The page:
If the idea of predicting the future currently seems rather foolish to me, it may be because I’m reading Nassim Nicholas Taleb’s “Fooled by Radomness”. I signed up for Tuesday night’s Gurteen Knowledge Café at the British Computer Society more in anticipation of good conversation than any hope of forecasting anything significant.
Conrad Taylor opened the event, framing technological change as “the co-evolution of tools, artefacts and environment” and suggested “science fiction, the future of personal computer and magic versions of current processes” as predictive approaches. After a video message from BCS President Alan Pollard, Chris Yapp spoke about the need for technology to augment and add to individual capabilities, “a neuro-physiological effect which increases attention-capacity” and the need for better algorithms. He made the surprising point that the technical capability outlined by Doug Englebart in his famous demonstration “A Research Centre for Augmenting Human Intellect” still does not exist.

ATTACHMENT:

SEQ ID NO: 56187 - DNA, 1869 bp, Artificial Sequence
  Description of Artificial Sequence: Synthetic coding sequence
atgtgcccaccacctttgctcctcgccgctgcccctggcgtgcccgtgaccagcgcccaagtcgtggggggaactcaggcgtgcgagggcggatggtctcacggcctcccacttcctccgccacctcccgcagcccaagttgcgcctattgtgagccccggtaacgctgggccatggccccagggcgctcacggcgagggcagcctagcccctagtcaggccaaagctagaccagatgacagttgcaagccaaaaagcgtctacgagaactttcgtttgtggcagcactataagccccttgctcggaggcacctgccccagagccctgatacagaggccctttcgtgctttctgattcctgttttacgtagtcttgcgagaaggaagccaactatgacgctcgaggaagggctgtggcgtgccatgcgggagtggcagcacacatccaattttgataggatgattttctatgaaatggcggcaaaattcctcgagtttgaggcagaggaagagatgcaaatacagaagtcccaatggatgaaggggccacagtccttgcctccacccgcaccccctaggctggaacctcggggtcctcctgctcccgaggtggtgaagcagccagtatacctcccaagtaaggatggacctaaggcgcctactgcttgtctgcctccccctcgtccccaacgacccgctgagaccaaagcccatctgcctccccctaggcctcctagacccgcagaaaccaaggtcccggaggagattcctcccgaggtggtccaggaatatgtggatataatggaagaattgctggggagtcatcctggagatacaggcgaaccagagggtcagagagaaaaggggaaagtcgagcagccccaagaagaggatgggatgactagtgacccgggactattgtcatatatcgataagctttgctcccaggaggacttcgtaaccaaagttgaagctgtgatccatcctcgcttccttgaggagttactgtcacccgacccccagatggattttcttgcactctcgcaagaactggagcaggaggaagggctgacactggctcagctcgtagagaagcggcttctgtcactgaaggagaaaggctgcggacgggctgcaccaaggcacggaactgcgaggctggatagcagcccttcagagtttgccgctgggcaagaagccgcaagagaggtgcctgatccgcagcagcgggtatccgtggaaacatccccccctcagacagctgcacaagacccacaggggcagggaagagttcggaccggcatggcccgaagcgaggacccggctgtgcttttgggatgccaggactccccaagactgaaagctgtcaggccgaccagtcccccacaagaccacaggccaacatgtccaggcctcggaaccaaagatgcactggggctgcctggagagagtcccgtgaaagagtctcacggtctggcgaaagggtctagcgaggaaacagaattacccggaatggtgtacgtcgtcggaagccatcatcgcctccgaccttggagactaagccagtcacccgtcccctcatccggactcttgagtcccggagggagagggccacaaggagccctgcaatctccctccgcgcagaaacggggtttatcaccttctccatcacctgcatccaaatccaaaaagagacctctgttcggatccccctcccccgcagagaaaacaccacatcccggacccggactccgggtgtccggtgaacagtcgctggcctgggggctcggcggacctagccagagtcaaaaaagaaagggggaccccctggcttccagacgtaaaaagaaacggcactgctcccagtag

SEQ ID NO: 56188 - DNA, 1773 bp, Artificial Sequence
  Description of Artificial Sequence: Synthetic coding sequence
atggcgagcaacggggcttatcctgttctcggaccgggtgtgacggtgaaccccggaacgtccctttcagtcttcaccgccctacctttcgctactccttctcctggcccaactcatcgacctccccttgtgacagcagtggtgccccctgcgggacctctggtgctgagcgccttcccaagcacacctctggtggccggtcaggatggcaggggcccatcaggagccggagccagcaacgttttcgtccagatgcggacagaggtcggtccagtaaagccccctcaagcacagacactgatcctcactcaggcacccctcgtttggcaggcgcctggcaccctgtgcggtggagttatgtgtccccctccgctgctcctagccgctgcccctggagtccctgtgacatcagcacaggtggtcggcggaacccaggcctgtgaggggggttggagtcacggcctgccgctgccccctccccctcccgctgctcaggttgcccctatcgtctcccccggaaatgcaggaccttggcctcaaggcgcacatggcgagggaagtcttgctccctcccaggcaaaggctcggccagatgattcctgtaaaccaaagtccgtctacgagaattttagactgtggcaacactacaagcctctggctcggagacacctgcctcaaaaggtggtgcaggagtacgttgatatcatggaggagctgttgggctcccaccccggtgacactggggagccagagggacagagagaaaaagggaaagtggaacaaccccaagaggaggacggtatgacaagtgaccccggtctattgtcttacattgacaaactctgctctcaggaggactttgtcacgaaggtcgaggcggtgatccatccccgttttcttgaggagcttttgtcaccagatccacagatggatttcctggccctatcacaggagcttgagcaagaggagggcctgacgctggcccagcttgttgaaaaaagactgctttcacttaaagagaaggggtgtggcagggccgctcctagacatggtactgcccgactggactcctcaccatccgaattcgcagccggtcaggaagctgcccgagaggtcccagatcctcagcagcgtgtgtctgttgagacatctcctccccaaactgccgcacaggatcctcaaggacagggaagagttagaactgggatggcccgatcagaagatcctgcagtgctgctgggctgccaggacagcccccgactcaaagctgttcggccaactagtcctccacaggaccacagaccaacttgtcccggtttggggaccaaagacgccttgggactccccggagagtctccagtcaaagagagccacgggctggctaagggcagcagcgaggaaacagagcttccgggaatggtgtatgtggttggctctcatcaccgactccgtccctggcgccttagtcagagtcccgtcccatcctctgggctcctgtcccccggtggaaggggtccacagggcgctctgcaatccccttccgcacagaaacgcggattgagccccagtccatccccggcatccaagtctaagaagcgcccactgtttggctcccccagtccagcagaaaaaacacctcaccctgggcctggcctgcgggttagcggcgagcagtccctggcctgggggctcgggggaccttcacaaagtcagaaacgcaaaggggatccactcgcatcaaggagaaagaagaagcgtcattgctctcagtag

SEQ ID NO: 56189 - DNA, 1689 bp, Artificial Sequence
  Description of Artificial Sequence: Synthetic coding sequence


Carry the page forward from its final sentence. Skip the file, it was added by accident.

Dominated by knowledge management professionals, the first group I sat with were uncomfortable purely discussing technology and the conversation quickly turned to shifts in society. Fears over security, data retention, defensiveness about intellectual property rights and reputation management appear to prevent progress.
One person commented that individual identity might be lost or changed due to mass participation and more sharing, but that younger people seemed to fear this less than older people. Since our opinions and the meanings we ascribe to things are founded on our life experience, what we learn will always reflect our previous experience and the sense we make of it.
Similar themes emerged after I moved tables. We talked about what Intellectual Property means now and considered how organisations will generate value in the future. We felt the cultural shift in ownership needed to be understood and “something like” the GPL or Creative Commons embraced more widely. The model which has served the music business for the past 100 years is no longer viable and there is a lot to be learnt from the open-source-software-and-consultancy model.
I sadly didn’t share a table with Ray Shaw where the most off-the-wall conversation was always likely (and so it proved). The conversation continued over excellent food and drink which had me questioning the fact that it’s around twenty years since I was a member of the British Computer Society. Perhaps it’s time I renewed.